But wait! Sierra 7 isn't just a shooter, it's a rail shooter to be more precise. The game does all the movement for you, taking you along a predetermined course. All you have to do is point and click to shoot, and hit the [spacebar] when prompted to open doors and so forth. Press [R] to reload, and [Q] to cycle weapons. There are seven missions to play, not counting the tutorial, and before starting each one you can click on "loadout" to choose which of the weapons you've unlocked that you'll be taking with you. Whether you go in like Rambo or McClane is up to you, but when you're ready, hit "Execute" to start your selected mission. You'll need to complete each one within a certain time limit to pass, and remember; no disintegrations.
Sierra 7 is sort of an odd duck, in that it reminds me in gameplay and premise somewhat of Killer 7 (only with less talking heads in washing machines... unfortunately) but in execution it's a lot more like Swat4, if fairly watered down. Gameplay is fairly realistic; aim for the head and you'll always take an enemy down as long as you're a decent shot, guns behave and load realistically, and not every enemy has magical scoping laser headshot vision when they fire at you. There's even a level where you're required to snipe certain targets from afar, taking into consideration factors like wind speed and direction. The fact that enemy locations are randomised each time you reload a level takes some of the sting out of having to replay a level when your checkpoint was a ways back.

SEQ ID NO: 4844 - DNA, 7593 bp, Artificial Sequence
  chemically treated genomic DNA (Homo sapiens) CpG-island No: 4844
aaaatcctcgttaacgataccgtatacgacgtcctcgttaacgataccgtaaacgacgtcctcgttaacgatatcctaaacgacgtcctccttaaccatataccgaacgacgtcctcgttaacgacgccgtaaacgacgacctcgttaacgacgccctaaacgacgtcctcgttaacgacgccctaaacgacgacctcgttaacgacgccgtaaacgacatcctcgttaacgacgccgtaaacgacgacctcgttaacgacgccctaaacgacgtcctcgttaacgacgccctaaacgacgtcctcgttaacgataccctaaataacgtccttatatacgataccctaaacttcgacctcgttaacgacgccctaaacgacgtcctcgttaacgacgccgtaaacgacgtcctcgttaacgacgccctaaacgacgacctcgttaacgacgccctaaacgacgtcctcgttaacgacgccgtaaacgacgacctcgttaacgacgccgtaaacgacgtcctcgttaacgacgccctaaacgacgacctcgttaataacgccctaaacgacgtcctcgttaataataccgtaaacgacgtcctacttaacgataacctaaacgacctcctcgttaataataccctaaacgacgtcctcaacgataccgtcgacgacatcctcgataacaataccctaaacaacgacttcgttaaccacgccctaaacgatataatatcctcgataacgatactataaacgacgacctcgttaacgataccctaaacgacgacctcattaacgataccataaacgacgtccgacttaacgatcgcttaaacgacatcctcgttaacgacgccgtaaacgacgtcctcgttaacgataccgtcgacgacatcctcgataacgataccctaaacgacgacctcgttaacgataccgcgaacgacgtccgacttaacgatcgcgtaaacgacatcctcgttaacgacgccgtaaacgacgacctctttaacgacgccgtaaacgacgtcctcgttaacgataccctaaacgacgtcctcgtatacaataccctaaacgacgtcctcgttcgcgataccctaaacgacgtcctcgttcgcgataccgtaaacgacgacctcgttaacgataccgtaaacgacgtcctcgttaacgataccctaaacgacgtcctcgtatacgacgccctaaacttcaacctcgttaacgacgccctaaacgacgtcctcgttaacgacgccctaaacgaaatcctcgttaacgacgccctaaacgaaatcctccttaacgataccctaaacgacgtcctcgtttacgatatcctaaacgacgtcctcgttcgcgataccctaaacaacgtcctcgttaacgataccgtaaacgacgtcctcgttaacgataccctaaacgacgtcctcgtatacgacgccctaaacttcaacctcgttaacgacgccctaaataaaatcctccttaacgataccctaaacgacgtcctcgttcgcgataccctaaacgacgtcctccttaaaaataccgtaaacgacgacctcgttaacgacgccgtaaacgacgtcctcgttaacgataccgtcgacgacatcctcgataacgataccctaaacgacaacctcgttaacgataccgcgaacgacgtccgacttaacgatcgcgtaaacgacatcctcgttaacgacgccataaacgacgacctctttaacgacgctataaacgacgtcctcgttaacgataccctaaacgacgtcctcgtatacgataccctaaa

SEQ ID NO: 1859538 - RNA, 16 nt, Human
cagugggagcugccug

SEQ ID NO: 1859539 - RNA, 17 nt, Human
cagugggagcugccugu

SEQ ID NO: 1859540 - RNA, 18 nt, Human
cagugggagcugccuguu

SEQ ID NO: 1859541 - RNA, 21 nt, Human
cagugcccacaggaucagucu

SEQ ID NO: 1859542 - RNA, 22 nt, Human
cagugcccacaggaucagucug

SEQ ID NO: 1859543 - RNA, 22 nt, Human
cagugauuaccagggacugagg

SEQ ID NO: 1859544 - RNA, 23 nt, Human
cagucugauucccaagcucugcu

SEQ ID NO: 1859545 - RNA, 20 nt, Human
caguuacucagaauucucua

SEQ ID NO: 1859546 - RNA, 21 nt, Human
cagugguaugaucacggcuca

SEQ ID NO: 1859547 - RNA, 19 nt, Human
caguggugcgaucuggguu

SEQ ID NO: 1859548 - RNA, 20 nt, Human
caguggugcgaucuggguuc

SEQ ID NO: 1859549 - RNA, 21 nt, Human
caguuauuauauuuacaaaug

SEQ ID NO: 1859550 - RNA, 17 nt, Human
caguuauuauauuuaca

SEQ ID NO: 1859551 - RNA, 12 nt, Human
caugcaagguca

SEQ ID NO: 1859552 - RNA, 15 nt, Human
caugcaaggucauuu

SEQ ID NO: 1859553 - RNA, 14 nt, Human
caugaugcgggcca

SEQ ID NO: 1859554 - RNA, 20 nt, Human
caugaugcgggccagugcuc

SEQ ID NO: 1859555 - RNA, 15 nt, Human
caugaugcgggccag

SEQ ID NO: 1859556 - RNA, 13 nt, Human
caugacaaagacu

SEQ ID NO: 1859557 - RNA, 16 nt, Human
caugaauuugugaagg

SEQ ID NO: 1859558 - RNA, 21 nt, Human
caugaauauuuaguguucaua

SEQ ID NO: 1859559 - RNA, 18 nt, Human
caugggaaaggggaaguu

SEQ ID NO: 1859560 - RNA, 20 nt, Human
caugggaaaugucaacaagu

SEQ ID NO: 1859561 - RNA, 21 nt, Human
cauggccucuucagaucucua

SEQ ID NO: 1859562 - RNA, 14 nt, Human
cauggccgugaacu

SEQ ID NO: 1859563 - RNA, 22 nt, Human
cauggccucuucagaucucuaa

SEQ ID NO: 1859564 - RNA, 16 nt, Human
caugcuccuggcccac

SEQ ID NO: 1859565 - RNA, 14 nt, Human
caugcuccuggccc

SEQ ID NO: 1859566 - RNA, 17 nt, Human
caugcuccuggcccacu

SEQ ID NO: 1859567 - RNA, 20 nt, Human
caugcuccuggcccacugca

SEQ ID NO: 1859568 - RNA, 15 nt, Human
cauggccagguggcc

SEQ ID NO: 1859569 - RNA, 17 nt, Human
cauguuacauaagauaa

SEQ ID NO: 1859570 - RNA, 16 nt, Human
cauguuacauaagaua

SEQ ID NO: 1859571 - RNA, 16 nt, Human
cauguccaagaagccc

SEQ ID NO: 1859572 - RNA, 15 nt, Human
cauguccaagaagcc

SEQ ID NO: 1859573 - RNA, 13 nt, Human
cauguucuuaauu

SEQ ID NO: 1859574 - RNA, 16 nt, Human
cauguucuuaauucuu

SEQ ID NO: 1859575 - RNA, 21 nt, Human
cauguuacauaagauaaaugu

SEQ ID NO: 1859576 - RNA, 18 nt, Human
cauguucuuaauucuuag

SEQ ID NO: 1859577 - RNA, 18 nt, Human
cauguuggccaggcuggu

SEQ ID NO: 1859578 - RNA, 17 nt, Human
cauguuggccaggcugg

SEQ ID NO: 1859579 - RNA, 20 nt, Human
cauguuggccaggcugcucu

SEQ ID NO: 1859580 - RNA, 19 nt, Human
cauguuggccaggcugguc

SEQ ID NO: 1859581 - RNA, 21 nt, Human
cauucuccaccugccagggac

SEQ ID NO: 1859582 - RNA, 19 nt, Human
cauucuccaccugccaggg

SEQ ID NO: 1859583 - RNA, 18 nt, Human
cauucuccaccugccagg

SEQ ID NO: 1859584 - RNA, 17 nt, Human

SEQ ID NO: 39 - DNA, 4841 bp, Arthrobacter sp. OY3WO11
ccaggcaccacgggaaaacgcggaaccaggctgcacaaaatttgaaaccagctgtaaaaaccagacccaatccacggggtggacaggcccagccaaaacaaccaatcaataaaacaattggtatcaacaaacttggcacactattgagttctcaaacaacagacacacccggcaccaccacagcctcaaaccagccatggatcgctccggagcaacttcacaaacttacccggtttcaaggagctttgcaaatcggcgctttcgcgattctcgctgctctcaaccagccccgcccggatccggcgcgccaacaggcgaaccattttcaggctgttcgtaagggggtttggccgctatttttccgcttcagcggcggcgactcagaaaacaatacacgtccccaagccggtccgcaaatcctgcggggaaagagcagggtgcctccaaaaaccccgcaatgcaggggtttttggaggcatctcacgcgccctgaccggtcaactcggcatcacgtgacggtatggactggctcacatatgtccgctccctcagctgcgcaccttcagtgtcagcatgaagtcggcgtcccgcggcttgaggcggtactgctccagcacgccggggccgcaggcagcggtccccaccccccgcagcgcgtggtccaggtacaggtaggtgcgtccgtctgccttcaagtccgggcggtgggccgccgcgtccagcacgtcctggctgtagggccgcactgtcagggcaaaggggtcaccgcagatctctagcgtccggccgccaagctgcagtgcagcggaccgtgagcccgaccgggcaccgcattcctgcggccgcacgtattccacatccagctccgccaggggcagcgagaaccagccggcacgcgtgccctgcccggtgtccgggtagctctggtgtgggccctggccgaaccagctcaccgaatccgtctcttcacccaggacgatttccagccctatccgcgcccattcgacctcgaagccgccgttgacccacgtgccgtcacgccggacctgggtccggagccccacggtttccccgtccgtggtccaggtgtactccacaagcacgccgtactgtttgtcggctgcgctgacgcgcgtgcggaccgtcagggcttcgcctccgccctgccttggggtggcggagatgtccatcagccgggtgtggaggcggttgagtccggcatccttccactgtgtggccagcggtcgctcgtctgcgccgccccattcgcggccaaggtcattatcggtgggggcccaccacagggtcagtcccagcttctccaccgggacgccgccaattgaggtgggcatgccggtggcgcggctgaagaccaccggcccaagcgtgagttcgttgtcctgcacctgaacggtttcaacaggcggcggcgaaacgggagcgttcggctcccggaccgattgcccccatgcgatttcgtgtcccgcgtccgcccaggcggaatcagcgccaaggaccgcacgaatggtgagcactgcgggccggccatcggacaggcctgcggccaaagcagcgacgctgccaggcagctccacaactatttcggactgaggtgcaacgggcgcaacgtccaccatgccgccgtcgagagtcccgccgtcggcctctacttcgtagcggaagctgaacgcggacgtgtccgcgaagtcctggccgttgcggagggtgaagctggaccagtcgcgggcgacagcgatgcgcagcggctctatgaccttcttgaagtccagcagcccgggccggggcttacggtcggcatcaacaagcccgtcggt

While things don't really start getting difficult until the last few levels, you still shouldn't expect to slack off. At least, not unless you really wanted some more ventilation in your head. As it stands, gameplay is fairly smooth, but a few bugs still popped up during my play, such as when my weapon decided firing was for suckers forcing me to reload the window, and in places the gray colour palette can make picking out your black stickmen enemies downright frustrating. More levels would have been welcome, but while it lasts Sierra 7 is still an impressive example of the genre and is practically screaming for a sequel.